Key players to watch for the Western Canadian team include Rylan Schwartz (Notre Dame, SJHL) who leads his league in scoring and will head to Colorado College next season. blueliner Dylan Olsen (Camrose, AJHL) is the highest rated player in the tournament for both International Scouting Services and NHL Central Scouting. Ohio State bound Forward Tanner Fritz (Grande Prairie, AJHL) is a player of note and there are three NHL draftees dressing for Canada West; Justin Shultz (ANH), Andrew MacWilliam (TOR) and Derek Grant (OTT). Jaden Schwartz, born in 1992, is the youngest member of the team.
Defenseman Wade Epp (Drumheller, AJHL) was a late addition to the team as an injury replacement. The 6’5, 210 lb rearguard failed to crack the WHL this year with Edmonton but has found success in the AJHL this season as he prepares for his move to Northern Michigan University next year.
Nineteen-year-old Brodie Reid (Burnaby, BCHL) has been strong in games leading up to the tournament and should be a leader for his side once action begins. Reid is headed to Northeastern next season.
As usual, the Germans will play the role of the underdog in this tournament but do have a handful of names worth paying attention to. The Toronto Maple Leafs selected Jerome Flaake in the fifth round of 2008 so teams will know to pay attention to him. Connor Morrison, born in Switzerland and playing for Salmon Arm of the BCHL is using small print to suit up for the Germans.
Germany‘s roster is dominated by 1989 and 1990-born players so like Belarus, they will hope that their slightly older and more physically developed players will have some sort of advantage in that department.
There are eight players returning to the WJAC who played for Germany in the 2007 edition, the most of any team involved and another positive for them heading in.
No question, the Russians are bringing the youngest team to Camrose as every player on the roster is born in either 1991 or 92. After a very strong team last year, by comparison it appears to be a weaker line-up coming to the WJAC in 2008. International Scouting does not list any Russians in their first-round rankings for 2009’s NHL Draft but a few that do appear in the top 30 European list will be in Camrose although top-ranked Russian Anton Burdasov is not among them.
Dmitry Orlov, a 5’11 and 179 lb defenseman from Novokuznetsk will be one to watch as will 6’1, 179 lb blueliner Georgy Berdyukov.
Russia will showcase five players with ’92 birthdays including a pair or forwards who are getting some early hype for the 2010 draft — Maxim Kitsyn and Karill Kabanov. Despite their young age many of the Russians have above average size including Kabanov who is listed as 6’3 and 177 lbs.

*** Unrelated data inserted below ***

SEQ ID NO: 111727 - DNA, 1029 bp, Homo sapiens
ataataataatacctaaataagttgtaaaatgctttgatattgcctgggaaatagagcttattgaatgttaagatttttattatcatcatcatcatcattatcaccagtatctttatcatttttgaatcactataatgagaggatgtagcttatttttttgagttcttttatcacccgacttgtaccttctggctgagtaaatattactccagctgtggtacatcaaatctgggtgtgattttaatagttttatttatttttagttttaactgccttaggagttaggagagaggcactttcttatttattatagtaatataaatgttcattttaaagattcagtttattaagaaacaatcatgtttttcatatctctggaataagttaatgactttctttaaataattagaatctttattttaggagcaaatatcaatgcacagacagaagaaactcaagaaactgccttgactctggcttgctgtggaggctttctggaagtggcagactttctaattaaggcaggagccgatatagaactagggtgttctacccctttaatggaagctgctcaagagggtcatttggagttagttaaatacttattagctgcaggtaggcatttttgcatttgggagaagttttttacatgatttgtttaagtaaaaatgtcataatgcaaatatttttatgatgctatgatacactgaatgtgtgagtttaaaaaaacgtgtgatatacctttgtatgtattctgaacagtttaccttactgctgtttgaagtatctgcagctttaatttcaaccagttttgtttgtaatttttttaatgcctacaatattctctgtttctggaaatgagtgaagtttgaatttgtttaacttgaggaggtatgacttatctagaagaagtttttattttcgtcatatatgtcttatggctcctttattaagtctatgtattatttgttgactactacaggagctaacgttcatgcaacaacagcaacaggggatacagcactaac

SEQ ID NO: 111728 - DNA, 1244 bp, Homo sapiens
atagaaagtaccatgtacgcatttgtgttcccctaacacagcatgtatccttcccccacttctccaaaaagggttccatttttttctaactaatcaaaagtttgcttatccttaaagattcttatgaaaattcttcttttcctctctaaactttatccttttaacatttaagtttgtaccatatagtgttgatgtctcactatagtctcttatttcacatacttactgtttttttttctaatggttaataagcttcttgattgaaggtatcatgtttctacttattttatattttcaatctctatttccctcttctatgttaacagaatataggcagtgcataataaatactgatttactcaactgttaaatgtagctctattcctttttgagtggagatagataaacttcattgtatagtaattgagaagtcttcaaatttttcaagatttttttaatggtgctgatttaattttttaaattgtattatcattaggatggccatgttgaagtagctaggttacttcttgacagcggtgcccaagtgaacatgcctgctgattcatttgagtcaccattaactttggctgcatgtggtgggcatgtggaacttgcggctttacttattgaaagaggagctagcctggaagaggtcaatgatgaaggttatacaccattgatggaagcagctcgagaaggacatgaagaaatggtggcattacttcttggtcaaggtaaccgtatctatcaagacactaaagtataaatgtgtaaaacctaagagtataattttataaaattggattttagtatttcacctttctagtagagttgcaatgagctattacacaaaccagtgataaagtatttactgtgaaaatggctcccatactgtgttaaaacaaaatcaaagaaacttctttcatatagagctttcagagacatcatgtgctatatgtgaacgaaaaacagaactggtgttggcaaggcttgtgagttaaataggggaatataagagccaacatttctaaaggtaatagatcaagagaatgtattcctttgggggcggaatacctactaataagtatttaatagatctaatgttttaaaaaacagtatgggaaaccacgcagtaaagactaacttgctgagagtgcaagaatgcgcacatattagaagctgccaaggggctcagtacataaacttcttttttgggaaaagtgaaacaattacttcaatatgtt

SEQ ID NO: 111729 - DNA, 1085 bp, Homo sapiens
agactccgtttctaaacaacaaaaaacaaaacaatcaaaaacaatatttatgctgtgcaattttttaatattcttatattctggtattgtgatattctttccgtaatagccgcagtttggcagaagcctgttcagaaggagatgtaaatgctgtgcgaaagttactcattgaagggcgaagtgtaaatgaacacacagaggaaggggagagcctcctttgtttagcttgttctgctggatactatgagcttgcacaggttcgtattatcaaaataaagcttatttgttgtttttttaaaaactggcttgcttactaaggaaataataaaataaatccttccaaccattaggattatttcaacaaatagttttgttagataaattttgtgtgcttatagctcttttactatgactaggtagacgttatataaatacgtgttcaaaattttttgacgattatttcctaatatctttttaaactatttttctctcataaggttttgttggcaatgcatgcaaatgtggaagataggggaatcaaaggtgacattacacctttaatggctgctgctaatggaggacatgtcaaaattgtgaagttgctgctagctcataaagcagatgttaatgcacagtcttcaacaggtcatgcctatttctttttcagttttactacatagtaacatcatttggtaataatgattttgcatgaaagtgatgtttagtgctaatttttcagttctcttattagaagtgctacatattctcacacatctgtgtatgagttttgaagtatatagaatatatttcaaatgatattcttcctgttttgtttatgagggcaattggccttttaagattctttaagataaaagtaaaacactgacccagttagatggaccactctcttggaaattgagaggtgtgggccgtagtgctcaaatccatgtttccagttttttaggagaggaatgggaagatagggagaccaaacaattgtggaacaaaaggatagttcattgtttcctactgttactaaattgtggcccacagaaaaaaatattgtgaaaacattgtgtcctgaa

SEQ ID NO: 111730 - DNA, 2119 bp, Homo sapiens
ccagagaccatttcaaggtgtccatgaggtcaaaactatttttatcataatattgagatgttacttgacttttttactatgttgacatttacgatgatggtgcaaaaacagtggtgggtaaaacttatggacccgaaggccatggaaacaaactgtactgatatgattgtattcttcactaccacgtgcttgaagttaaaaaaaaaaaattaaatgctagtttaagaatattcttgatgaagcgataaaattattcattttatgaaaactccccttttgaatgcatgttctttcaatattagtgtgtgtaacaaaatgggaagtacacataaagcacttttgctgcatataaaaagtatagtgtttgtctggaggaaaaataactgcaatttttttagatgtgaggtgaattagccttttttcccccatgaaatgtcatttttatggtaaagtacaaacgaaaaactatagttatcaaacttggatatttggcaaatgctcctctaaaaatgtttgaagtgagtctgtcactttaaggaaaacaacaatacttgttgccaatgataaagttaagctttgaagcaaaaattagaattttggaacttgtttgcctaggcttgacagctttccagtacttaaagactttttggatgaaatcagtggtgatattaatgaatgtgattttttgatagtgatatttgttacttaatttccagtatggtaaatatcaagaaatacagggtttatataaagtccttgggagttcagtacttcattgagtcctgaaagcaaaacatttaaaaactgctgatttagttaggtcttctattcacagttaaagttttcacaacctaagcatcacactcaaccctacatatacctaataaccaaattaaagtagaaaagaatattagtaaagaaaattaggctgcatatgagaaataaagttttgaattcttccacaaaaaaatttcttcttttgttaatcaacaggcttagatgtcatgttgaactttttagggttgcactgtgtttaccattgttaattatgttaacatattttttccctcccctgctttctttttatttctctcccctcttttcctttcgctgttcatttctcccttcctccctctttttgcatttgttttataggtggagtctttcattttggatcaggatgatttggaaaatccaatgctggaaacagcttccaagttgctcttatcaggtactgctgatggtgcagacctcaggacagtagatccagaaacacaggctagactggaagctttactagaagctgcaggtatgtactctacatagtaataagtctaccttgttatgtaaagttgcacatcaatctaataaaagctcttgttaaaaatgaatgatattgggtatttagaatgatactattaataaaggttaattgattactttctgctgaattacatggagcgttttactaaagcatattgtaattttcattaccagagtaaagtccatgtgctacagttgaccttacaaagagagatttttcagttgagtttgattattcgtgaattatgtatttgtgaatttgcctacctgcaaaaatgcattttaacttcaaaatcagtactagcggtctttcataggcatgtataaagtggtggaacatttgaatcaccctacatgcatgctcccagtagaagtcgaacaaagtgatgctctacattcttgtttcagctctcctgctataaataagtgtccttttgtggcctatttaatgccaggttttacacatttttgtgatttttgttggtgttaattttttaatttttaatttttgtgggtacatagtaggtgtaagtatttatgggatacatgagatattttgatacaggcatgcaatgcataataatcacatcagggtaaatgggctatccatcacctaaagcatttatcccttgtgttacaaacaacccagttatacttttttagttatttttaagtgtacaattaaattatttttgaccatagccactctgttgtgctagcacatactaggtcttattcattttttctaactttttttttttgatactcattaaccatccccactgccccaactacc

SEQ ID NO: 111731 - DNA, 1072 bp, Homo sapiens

They might as well be called Team USHL as every player on the roster comes from the American tier I Junior league, as does head coach Mark Carlson. The USHL is generally considered to be below any of the Canadian Major Junior leagues when it comes to talent yet above any single Jr A league North of the border. That considered, it will be interesting to see how an All-Star from the USHL matches up with Canada East and West.
USA’s blueline will be a strength featuring 2009 eligible Seth Helgason (Sioux City) and Colorado College bound John Moore (Chicago) both of whom are highly regarded by ISS. Helgason will join the Golden Gophers of Minnesota next fall. Also on the backend will be Max Nicastro (Chicago), a third-round selection of the Detroit Red Wings in 2008, and Matt Donovan (Cedar Rapids) from the New York Islanders.
Up front, the Americans will be led by returning forwards Nick Larson (Waterloo), a fourth-round selection of the Calgary Flames, and Danny Kristo (Omaha), a Montreal Canadiens second-round pick last June. Rounding out the number of drafted Americans in the tournament is Greg Burke (Cedar Rapids) who was chosen by Washington in the sixth round last year.
Last but not least, netminder Mike Lee (Fargo) will be a focus for scouts after being ranked as the USHL’s top draft eligible netminder for 2009. Lee is destined to play for St. Cloud once he gets to the NCAA.
– The six teams are split into two pools; Pool A has Canada West, Russia and Belarus while B features Canada East, Germany and USA.
– Canada East beat Canada West by a 4-2 score in their pre-tournament exhibition game.
– The tournament officially begins today with Canada West hosting Belarus and goes all week with the gold medal game wrapping things up on Sunday Nov. 9.